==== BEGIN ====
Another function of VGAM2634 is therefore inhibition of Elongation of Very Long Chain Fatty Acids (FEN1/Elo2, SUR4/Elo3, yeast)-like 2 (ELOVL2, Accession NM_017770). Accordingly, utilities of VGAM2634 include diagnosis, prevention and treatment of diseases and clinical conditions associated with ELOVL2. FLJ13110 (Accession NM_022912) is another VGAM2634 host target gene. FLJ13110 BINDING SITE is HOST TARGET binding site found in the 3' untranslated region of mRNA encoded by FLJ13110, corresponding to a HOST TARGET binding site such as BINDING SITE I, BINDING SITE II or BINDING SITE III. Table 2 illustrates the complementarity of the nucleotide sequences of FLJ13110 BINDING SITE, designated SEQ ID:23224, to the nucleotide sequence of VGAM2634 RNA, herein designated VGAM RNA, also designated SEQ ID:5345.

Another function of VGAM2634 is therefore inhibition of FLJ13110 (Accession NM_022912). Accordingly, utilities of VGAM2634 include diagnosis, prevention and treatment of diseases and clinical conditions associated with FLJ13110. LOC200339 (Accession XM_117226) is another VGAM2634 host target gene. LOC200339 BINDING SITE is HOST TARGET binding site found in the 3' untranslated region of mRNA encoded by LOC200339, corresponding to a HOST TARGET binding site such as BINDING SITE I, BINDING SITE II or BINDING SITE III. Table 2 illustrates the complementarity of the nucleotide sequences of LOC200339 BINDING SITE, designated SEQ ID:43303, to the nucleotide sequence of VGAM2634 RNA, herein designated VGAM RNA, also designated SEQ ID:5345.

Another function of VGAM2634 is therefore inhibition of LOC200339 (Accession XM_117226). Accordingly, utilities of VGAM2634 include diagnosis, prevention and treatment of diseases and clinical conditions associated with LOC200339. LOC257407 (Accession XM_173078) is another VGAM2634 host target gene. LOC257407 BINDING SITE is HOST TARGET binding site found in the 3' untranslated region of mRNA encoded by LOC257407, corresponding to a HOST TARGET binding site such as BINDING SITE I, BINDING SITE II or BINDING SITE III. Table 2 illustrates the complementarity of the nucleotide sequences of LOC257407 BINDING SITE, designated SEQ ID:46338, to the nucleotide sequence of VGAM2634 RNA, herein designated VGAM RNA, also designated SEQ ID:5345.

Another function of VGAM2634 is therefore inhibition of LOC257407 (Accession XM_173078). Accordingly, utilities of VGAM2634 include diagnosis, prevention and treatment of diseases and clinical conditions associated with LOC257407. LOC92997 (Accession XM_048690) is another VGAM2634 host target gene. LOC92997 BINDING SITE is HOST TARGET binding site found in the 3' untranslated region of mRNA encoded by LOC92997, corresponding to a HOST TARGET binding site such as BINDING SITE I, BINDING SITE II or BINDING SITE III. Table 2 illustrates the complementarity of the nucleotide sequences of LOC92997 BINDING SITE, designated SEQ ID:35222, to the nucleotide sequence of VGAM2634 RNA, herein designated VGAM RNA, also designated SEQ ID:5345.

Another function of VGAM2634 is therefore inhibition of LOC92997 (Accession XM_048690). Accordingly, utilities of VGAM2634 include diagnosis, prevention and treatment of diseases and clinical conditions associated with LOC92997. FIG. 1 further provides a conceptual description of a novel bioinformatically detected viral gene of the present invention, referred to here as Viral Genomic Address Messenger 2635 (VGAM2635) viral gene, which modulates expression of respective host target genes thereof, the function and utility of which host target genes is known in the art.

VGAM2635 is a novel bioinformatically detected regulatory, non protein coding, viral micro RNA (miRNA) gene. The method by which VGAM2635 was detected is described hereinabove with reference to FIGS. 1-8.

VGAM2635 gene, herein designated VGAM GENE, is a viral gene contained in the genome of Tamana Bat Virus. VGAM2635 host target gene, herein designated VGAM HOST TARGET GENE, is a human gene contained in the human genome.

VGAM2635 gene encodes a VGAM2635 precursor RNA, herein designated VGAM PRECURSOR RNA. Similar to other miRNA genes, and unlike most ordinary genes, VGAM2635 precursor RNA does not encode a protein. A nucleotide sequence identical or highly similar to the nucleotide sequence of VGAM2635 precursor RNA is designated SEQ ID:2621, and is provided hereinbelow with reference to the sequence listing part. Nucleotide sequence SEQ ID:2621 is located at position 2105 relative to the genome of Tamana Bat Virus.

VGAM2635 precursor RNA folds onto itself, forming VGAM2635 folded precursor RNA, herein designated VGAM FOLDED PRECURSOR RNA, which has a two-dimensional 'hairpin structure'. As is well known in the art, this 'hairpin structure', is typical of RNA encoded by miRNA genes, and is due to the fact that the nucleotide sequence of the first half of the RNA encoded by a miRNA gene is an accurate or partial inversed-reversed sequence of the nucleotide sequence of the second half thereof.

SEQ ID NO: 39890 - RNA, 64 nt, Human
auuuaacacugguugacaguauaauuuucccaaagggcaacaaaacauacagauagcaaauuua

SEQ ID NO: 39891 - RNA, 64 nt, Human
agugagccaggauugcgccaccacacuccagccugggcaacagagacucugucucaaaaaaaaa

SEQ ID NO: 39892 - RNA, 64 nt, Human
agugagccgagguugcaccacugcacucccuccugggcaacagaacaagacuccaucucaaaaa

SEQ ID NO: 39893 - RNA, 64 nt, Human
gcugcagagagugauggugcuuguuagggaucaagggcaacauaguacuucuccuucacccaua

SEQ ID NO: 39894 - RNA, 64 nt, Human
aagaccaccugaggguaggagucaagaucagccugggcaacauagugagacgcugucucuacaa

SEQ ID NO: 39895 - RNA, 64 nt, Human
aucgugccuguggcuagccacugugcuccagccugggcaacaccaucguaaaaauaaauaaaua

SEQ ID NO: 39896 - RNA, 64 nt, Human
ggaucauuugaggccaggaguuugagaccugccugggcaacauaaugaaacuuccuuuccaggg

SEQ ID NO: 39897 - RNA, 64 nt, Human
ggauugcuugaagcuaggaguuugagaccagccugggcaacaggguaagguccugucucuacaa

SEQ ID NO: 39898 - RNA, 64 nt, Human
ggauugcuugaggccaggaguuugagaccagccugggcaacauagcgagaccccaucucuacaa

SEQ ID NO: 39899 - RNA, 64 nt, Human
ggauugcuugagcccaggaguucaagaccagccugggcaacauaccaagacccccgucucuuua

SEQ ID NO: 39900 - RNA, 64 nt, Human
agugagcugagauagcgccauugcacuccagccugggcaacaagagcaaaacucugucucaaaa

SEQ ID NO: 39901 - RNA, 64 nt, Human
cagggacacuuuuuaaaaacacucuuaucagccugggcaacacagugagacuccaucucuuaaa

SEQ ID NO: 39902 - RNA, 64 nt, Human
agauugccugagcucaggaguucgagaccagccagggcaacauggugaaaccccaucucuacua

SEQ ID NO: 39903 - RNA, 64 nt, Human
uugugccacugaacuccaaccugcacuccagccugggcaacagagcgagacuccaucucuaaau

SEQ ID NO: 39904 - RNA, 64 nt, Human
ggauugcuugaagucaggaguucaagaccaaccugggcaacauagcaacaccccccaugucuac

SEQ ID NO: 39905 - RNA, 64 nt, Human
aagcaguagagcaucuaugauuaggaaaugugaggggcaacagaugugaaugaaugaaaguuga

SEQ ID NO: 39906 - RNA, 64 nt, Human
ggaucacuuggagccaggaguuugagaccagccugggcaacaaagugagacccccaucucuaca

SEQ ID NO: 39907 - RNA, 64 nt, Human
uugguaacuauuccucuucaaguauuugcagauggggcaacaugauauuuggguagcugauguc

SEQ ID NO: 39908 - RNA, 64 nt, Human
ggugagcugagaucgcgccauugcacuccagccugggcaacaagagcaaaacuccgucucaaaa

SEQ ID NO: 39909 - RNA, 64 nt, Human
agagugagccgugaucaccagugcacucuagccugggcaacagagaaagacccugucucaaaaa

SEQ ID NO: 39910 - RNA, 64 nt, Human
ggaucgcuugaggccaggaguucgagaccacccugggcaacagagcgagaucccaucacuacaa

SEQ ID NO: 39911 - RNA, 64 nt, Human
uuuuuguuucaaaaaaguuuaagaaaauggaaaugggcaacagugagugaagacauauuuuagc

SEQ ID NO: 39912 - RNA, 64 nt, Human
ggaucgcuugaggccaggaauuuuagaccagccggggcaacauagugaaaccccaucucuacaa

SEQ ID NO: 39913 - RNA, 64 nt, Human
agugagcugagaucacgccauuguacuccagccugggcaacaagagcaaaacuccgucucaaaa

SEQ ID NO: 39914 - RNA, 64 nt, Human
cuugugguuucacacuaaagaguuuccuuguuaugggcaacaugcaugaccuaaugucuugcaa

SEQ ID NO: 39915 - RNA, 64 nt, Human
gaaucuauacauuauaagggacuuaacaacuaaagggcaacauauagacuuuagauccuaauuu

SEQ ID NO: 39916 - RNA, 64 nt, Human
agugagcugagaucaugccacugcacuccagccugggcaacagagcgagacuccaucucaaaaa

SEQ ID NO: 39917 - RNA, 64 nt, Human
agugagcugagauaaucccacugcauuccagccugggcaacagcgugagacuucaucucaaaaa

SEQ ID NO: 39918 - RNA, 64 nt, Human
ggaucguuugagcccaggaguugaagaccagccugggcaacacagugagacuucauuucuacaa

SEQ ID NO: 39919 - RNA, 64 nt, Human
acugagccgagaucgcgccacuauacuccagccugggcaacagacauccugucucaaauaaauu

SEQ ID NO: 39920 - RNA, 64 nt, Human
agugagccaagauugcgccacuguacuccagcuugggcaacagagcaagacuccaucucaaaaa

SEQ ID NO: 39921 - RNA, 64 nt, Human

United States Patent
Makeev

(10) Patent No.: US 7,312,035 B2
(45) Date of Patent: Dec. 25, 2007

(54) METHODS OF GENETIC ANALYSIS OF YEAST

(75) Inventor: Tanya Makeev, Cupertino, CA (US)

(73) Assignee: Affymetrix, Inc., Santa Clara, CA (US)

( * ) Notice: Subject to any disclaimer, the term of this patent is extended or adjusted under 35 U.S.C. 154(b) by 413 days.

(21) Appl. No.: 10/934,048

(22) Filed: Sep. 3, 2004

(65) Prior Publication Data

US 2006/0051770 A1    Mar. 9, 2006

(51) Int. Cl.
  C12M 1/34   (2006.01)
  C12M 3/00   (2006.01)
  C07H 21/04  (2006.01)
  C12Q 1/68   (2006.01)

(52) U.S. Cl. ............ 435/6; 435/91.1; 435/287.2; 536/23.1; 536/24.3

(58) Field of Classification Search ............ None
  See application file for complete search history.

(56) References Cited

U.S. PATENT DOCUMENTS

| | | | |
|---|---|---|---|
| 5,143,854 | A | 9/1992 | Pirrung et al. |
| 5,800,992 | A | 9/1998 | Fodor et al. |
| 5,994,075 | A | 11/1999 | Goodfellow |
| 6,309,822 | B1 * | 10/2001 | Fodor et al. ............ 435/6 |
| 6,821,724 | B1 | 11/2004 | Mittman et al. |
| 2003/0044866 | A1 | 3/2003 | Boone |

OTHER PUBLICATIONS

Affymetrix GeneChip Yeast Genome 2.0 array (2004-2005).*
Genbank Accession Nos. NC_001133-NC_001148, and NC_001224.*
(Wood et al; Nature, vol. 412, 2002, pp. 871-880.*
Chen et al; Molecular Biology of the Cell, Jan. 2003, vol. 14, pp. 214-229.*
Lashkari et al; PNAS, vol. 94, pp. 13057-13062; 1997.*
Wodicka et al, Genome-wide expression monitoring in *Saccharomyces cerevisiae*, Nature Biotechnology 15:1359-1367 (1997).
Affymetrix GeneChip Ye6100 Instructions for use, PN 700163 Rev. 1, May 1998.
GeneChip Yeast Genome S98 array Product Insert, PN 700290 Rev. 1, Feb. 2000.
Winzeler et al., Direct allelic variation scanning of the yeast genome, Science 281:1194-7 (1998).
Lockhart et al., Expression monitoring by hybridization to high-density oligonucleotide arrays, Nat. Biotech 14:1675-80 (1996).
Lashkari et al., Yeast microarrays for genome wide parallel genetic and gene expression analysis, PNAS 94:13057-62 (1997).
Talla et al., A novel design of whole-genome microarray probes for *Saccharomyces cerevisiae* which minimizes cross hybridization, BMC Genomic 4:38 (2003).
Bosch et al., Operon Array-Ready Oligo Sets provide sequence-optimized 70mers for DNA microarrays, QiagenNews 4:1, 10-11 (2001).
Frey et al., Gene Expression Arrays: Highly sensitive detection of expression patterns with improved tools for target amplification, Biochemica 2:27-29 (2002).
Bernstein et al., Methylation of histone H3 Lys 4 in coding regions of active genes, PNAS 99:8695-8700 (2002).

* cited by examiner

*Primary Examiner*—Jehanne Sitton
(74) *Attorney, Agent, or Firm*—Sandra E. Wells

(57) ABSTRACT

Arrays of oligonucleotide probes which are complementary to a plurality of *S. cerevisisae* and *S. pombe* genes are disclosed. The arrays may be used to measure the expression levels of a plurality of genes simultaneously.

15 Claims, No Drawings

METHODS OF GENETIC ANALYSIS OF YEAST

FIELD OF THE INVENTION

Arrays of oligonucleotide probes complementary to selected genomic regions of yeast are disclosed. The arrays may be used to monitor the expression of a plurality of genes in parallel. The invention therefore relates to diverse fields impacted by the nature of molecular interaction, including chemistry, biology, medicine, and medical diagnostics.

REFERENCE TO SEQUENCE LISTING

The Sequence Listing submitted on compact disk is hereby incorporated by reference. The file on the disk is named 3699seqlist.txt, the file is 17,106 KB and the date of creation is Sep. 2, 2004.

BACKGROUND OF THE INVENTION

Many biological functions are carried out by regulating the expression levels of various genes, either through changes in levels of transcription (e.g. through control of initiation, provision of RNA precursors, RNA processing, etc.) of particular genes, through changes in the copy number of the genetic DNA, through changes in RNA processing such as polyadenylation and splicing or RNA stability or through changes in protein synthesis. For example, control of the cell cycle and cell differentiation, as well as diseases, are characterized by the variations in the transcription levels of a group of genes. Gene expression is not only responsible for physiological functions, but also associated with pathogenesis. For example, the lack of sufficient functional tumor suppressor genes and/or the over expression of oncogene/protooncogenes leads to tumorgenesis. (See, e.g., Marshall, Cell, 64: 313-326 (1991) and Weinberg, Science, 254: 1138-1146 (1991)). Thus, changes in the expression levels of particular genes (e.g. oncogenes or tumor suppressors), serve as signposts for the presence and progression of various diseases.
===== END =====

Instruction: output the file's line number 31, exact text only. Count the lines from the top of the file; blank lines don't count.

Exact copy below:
agugagcugagauagcgccauugcacuccagccugggcaacaagagcaaaacucugucucaaaa